A scattering of seeds grows into an algorithmic forest.
ANS Studio developed a “Seed Scattering System” to create a ‘natural’ distribution of plants for the garden surrounding an office building. The ‘natural’ stipulation here is not understood in terms of an untended garden or of a naturalistic formal pattern, but as a distribution that locates plants and chooses species in a manner that replicates the end-result of the localised growth and succession processes that occur in a forest. This was not the sole focus though — the model made heavy use of parameterised goals and constraints to allow for other design criteria to affect the distribution.
What distinguishes this project from many other approaches is the sophistication of the modelling process and the use of the model as the key design driver spanning from site analysis to design documentation. Rather than using landscape form as the key site of design investigation (and have analysis performed in response to changes) the model itself embodied the process of form development, with the designer instead choosing amongst possible solutions and adjusting input weights.
The model itself performed a number of steps when creating a possible design. Broadly speaking the first phase was in identifying how environmental conditions, such as soil composition, building shading, and wind sheltering, affected different portions of the site. Follow from this the design logic was developed, whereby the designer could adjust parameter’s values and possible layout patterns for how the plant placement would respond to the environmental conditions. Finally the system would take all of these into account to create the planting plan, with the algorithm’s primary outputs being the ‘seed’ points that represented a plant with a particular spacing and species optimised to the given local conditions.1 The location of the pathway system occurs after this distribution and is optimised to work around root systems.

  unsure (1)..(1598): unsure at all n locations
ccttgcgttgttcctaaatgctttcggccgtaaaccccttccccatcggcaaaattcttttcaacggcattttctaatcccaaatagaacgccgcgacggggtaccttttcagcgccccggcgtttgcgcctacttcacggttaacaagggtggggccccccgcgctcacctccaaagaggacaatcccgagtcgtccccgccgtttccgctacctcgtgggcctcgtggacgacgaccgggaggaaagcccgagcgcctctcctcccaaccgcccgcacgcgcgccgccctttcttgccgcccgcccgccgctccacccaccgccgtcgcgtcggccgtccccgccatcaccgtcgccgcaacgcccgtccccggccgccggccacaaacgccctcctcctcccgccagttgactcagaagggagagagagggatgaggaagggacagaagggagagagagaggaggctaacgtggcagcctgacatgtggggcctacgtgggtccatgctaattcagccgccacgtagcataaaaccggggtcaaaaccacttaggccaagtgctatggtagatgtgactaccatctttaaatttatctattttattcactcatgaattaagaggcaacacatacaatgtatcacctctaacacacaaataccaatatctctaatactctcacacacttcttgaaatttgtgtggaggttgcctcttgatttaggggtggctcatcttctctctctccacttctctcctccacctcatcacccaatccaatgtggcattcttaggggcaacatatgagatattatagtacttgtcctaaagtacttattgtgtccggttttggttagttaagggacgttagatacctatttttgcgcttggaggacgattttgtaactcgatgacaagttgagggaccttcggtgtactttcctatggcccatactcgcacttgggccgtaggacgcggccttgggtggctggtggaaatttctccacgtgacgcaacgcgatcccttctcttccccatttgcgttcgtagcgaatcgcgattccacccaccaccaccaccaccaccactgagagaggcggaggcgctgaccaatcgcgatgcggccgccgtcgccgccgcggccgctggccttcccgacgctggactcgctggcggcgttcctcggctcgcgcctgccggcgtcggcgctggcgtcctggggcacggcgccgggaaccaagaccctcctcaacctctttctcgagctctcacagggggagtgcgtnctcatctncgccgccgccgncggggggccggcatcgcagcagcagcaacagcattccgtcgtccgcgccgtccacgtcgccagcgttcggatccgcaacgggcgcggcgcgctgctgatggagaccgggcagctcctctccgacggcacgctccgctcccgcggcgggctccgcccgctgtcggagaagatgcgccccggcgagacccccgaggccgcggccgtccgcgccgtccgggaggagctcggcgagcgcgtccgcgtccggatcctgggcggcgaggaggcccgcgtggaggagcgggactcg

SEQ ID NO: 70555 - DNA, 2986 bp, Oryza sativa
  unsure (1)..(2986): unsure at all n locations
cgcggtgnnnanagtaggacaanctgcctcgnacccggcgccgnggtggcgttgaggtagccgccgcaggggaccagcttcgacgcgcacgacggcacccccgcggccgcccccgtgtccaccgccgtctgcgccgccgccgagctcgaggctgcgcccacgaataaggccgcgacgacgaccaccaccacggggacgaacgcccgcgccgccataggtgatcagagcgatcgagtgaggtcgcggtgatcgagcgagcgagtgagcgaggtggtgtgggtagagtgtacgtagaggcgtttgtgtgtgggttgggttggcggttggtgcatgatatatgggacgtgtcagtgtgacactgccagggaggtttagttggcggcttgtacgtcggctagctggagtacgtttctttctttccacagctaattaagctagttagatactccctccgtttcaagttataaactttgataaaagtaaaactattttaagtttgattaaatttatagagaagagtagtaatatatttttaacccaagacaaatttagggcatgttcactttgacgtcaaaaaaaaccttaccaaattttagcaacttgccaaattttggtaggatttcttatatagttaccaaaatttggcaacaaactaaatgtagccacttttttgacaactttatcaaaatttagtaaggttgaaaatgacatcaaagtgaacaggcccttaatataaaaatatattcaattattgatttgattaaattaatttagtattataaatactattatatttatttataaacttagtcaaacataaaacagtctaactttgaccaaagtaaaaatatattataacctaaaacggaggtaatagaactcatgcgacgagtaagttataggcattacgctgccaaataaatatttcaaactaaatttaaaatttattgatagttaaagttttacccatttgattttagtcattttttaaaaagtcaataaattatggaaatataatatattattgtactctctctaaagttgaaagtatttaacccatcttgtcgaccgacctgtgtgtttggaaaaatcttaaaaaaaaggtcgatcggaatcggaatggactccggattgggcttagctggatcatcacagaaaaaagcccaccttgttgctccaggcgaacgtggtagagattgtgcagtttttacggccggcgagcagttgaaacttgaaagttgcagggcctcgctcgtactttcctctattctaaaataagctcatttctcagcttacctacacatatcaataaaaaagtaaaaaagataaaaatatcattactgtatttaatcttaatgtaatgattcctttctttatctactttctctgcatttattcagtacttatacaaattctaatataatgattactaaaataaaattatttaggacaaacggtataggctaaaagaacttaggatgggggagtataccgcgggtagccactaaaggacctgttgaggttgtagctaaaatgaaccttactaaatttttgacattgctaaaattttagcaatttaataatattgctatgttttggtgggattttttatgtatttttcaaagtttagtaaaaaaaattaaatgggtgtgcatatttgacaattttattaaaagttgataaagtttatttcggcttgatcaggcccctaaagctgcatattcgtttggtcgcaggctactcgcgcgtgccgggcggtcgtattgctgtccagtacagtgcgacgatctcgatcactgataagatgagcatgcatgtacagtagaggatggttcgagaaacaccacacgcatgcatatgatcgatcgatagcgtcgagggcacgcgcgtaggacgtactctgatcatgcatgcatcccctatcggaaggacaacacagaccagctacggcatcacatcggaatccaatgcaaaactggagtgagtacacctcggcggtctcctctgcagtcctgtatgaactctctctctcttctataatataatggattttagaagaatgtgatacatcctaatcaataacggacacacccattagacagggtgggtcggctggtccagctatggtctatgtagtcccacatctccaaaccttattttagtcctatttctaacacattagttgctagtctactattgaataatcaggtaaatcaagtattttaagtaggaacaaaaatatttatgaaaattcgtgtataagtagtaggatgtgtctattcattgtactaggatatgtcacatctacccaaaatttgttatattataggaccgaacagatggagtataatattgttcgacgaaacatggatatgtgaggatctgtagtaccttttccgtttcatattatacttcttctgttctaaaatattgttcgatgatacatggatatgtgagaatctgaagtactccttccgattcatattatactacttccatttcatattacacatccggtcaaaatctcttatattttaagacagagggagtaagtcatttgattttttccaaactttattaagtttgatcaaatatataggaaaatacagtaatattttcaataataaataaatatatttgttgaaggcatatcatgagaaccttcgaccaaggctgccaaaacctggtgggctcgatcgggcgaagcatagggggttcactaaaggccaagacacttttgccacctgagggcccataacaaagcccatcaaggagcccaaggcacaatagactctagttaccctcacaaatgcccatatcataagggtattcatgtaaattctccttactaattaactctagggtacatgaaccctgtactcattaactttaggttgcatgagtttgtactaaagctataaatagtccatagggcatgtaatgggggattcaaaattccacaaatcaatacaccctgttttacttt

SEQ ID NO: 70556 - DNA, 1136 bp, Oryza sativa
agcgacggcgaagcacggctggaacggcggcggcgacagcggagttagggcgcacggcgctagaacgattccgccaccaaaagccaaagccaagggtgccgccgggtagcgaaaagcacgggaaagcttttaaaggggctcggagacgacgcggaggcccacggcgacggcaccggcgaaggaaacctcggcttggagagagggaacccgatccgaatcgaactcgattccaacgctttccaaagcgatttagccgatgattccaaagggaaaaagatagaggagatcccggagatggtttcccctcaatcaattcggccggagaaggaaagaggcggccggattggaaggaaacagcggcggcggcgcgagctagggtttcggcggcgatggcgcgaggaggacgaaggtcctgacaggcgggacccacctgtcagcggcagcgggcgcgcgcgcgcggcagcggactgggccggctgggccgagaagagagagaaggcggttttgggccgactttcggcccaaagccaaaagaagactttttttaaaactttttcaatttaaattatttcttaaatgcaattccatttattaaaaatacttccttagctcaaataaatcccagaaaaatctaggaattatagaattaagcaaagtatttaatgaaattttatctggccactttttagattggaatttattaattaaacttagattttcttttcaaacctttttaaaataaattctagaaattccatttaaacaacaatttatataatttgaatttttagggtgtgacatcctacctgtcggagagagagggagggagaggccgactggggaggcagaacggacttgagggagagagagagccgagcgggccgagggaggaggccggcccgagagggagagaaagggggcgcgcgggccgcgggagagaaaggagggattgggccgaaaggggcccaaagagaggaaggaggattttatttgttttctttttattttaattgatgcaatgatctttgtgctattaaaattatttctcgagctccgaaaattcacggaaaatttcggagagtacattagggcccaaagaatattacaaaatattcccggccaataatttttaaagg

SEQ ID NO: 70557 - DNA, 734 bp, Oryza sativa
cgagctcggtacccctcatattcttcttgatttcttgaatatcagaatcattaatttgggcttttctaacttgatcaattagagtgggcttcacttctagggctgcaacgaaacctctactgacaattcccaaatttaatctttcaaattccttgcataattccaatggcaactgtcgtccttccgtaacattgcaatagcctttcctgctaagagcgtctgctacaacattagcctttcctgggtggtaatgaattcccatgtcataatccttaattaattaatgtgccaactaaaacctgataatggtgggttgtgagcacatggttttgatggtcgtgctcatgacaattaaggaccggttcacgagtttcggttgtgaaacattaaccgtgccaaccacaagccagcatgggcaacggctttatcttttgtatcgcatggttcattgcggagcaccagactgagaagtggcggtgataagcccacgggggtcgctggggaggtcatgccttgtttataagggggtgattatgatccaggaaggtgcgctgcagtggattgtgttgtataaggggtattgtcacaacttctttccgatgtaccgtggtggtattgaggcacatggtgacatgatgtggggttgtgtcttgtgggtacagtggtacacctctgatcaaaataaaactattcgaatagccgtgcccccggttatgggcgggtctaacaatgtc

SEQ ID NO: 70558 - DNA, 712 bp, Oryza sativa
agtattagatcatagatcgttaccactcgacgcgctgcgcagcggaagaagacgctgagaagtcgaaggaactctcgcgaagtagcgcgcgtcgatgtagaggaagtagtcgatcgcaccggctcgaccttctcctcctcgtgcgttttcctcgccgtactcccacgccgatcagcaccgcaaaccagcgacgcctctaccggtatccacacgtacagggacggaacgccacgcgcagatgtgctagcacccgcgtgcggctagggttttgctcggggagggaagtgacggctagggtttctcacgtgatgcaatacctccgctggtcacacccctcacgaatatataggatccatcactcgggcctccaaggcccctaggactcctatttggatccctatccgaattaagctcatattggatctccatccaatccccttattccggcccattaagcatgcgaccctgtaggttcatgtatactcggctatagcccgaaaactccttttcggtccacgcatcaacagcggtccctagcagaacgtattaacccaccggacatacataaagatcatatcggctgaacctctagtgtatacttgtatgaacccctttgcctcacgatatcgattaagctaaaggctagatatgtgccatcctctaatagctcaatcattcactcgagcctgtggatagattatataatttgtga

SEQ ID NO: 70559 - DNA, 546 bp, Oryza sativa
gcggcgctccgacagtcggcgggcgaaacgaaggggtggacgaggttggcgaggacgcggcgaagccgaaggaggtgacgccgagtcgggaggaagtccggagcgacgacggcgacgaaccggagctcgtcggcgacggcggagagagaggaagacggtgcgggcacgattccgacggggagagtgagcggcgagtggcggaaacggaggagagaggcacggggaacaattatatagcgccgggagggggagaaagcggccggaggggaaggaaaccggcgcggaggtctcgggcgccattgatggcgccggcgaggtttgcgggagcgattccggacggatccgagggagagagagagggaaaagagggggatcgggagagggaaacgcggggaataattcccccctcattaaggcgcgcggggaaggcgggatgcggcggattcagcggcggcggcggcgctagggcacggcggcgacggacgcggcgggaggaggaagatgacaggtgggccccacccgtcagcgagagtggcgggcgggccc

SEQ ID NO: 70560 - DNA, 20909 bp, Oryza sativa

By developing the bulk of the design within a parameter system, the way in which planting plans were developed changed. The designers were not looking to “manipulate geometries or compositions of tree groupings but to design the fundamental rules that underlie them.”2 Doing so also forced an explicit trade-off between performance-driven and aesthetic-driven design criteria through the weighted parameters of the model. Modifications to the design criteria later on in the process can be easily accommodated by regenerating the design solution with the new parameters, such as when the entrance spaces needed to become more prominent.3
As the design criteria could be encompassed in a relatively complete manner by choices in the vegetation — and their direct relationship to pathing — the design logic could be encapsulated neatly in a weighted model, particularly when both the initial and final site conditions were flat in formal terms. However, the use of a singular model becomes much more difficult as the design criteria become more multivalent, and come to encompass wider ranges of criteria. In these cases, and in cases where the design has more formal effects, the use of formal representations to link between different performances criteria becomes key. That is to say, rather than have a single model encompass and generate a design from the first to last stages of the design process, a formal representation (e.g. a surface in a CAD program) are used to store the results of these models or to negotiate between multiple models investigating different criteria.
Tsukasa Takenaka and Aya Okabe, “Development of the Seed Scattering System for Computational Landscape Design,” International Journal of Architectural Computing 9, no. 4 (2012): 431.↩︎
Takenaka and Okabe, “Development of the Seed Scattering System for Computational Landscape Design,” 434–435.↩︎
Takenaka and Okabe, “Development of the Seed Scattering System for Computational Landscape Design,” 432.↩︎